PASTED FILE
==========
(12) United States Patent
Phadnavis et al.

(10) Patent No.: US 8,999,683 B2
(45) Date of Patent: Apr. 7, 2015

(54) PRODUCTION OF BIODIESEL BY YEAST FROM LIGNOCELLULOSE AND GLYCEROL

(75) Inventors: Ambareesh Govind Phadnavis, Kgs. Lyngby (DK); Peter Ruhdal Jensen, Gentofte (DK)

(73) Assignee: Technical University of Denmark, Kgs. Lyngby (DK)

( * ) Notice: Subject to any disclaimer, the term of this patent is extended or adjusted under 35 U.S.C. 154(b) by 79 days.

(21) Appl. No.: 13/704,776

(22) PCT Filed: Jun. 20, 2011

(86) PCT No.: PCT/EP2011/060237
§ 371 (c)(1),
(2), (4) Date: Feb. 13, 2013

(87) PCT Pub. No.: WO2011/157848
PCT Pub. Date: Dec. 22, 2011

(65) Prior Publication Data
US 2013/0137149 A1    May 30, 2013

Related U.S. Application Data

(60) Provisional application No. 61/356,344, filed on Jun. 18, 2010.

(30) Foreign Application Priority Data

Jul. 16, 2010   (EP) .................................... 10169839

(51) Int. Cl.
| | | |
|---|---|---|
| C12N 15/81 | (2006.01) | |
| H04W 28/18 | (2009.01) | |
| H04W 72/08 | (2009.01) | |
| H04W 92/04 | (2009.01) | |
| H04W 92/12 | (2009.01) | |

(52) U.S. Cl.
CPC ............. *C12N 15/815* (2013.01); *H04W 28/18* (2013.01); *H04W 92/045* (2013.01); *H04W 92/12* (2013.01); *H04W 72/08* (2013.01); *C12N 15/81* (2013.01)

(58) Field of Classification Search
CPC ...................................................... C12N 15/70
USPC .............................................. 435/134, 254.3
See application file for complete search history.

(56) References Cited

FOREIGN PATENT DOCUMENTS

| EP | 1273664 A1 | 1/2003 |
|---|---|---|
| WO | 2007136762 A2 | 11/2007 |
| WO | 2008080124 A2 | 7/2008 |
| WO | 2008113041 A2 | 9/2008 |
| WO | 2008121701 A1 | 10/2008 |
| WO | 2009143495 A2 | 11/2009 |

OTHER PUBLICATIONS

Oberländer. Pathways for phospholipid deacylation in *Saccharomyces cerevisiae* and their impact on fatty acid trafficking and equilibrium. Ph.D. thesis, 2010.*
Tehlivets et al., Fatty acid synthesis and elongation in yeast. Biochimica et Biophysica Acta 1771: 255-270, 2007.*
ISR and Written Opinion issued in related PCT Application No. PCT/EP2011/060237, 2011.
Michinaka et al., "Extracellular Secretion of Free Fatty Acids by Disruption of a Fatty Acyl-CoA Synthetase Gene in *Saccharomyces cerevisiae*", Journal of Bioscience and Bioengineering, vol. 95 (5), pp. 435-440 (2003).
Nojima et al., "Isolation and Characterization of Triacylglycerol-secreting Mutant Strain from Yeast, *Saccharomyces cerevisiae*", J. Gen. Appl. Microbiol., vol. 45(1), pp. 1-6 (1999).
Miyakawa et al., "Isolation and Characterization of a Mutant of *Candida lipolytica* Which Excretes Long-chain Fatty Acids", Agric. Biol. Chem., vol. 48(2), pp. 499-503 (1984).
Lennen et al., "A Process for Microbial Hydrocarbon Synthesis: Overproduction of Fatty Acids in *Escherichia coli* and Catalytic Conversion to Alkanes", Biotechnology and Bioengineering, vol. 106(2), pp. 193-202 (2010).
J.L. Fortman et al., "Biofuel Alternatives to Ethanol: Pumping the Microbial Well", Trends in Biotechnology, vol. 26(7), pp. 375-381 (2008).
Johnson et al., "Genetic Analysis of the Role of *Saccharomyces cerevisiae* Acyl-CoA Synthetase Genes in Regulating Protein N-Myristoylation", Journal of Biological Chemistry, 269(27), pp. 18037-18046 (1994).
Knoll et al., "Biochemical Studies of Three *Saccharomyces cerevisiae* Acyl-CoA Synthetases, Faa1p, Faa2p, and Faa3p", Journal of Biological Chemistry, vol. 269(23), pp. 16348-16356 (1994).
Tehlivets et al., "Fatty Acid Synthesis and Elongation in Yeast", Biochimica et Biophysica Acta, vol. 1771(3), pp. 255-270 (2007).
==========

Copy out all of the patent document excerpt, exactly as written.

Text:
(12) United States Patent
Phadnavis et al.

(10) Patent No.: US 8,999,683 B2
(45) Date of Patent: Apr. 7, 2015

(54) PRODUCTION OF BIODIESEL BY YEAST FROM LIGNOCELLULOSE AND GLYCEROL

(75) Inventors: Ambareesh Govind Phadnavis, Kgs. Lyngby (DK); Peter Ruhdal Jensen, Gentofte (DK)

(73) Assignee: Technical University of Denmark, Kgs. Lyngby (DK)

( * ) Notice: Subject to any disclaimer, the term of this patent is extended or adjusted under 35 U.S.C. 154(b) by 79 days.

(21) Appl. No.: 13/704,776

(22) PCT Filed: Jun. 20, 2011

(86) PCT No.: PCT/EP2011/060237
§ 371 (c)(1),
(2), (4) Date: Feb. 13, 2013

(87) PCT Pub. No.: WO2011/157848
PCT Pub. Date: Dec. 22, 2011

(65) Prior Publication Data
US 2013/0137149 A1    May 30, 2013

Related U.S. Application Data

(60) Provisional application No. 61/356,344, filed on Jun. 18, 2010.

(30) Foreign Application Priority Data

Jul. 16, 2010   (EP) .................................... 10169839

(51) Int. Cl.
| | | |
|---|---|---|
| C12N 15/81 | (2006.01) | |
| H04W 28/18 | (2009.01) | |
| H04W 72/08 | (2009.01) | |
| H04W 92/04 | (2009.01) | |
| H04W 92/12 | (2009.01) | |

(52) U.S. Cl.
CPC ............. *C12N 15/815* (2013.01); *H04W 28/18* (2013.01); *H04W 92/045* (2013.01); *H04W 92/12* (2013.01); *H04W 72/08* (2013.01); *C12N 15/81* (2013.01)

(58) Field of Classification Search
CPC ...................................................... C12N 15/70
USPC .............................................. 435/134, 254.3
See application file for complete search history.

(56) References Cited

FOREIGN PATENT DOCUMENTS

| EP | 1273664 A1 | 1/2003 |
|---|---|---|
| WO | 2007136762 A2 | 11/2007 |
| WO | 2008080124 A2 | 7/2008 |
| WO | 2008113041 A2 | 9/2008 |
| WO | 2008121701 A1 | 10/2008 |
| WO | 2009143495 A2 | 11/2009 |

OTHER PUBLICATIONS

Oberländer. Pathways for phospholipid deacylation in *Saccharomyces cerevisiae* and their impact on fatty acid trafficking and equilibrium. Ph.D. thesis, 2010.*
Tehlivets et al., Fatty acid synthesis and elongation in yeast. Biochimica et Biophysica Acta 1771: 255-270, 2007.*
ISR and Written Opinion issued in related PCT Application No. PCT/EP2011/060237, 2011.
Michinaka et al., "Extracellular Secretion of Free Fatty Acids by Disruption of a Fatty Acyl-CoA Synthetase Gene in *Saccharomyces cerevisiae*", Journal of Bioscience and Bioengineering, vol. 95 (5), pp. 435-440 (2003).
Nojima et al., "Isolation and Characterization of Triacylglycerol-secreting Mutant Strain from Yeast, *Saccharomyces cerevisiae*", J. Gen. Appl. Microbiol., vol. 45(1), pp. 1-6 (1999).
Miyakawa et al., "Isolation and Characterization of a Mutant of *Candida lipolytica* Which Excretes Long-chain Fatty Acids", Agric. Biol. Chem., vol. 48(2), pp. 499-503 (1984).
Lennen et al., "A Process for Microbial Hydrocarbon Synthesis: Overproduction of Fatty Acids in *Escherichia coli* and Catalytic Conversion to Alkanes", Biotechnology and Bioengineering, vol. 106(2), pp. 193-202 (2010).
J.L. Fortman et al., "Biofuel Alternatives to Ethanol: Pumping the Microbial Well", Trends in Biotechnology, vol. 26(7), pp. 375-381 (2008).
Johnson et al., "Genetic Analysis of the Role of *Saccharomyces cerevisiae* Acyl-CoA Synthetase Genes in Regulating Protein N-Myristoylation", Journal of Biological Chemistry, 269(27), pp. 18037-18046 (1994).
Knoll et al., "Biochemical Studies of Three *Saccharomyces cerevisiae* Acyl-CoA Synthetases, Faa1p, Faa2p, and Faa3p", Journal of Biological Chemistry, vol. 269(23), pp. 16348-16356 (1994).
Tehlivets et al., "Fatty Acid Synthesis and Elongation in Yeast", Biochimica et Biophysica Acta, vol. 1771(3), pp. 255-270 (2007).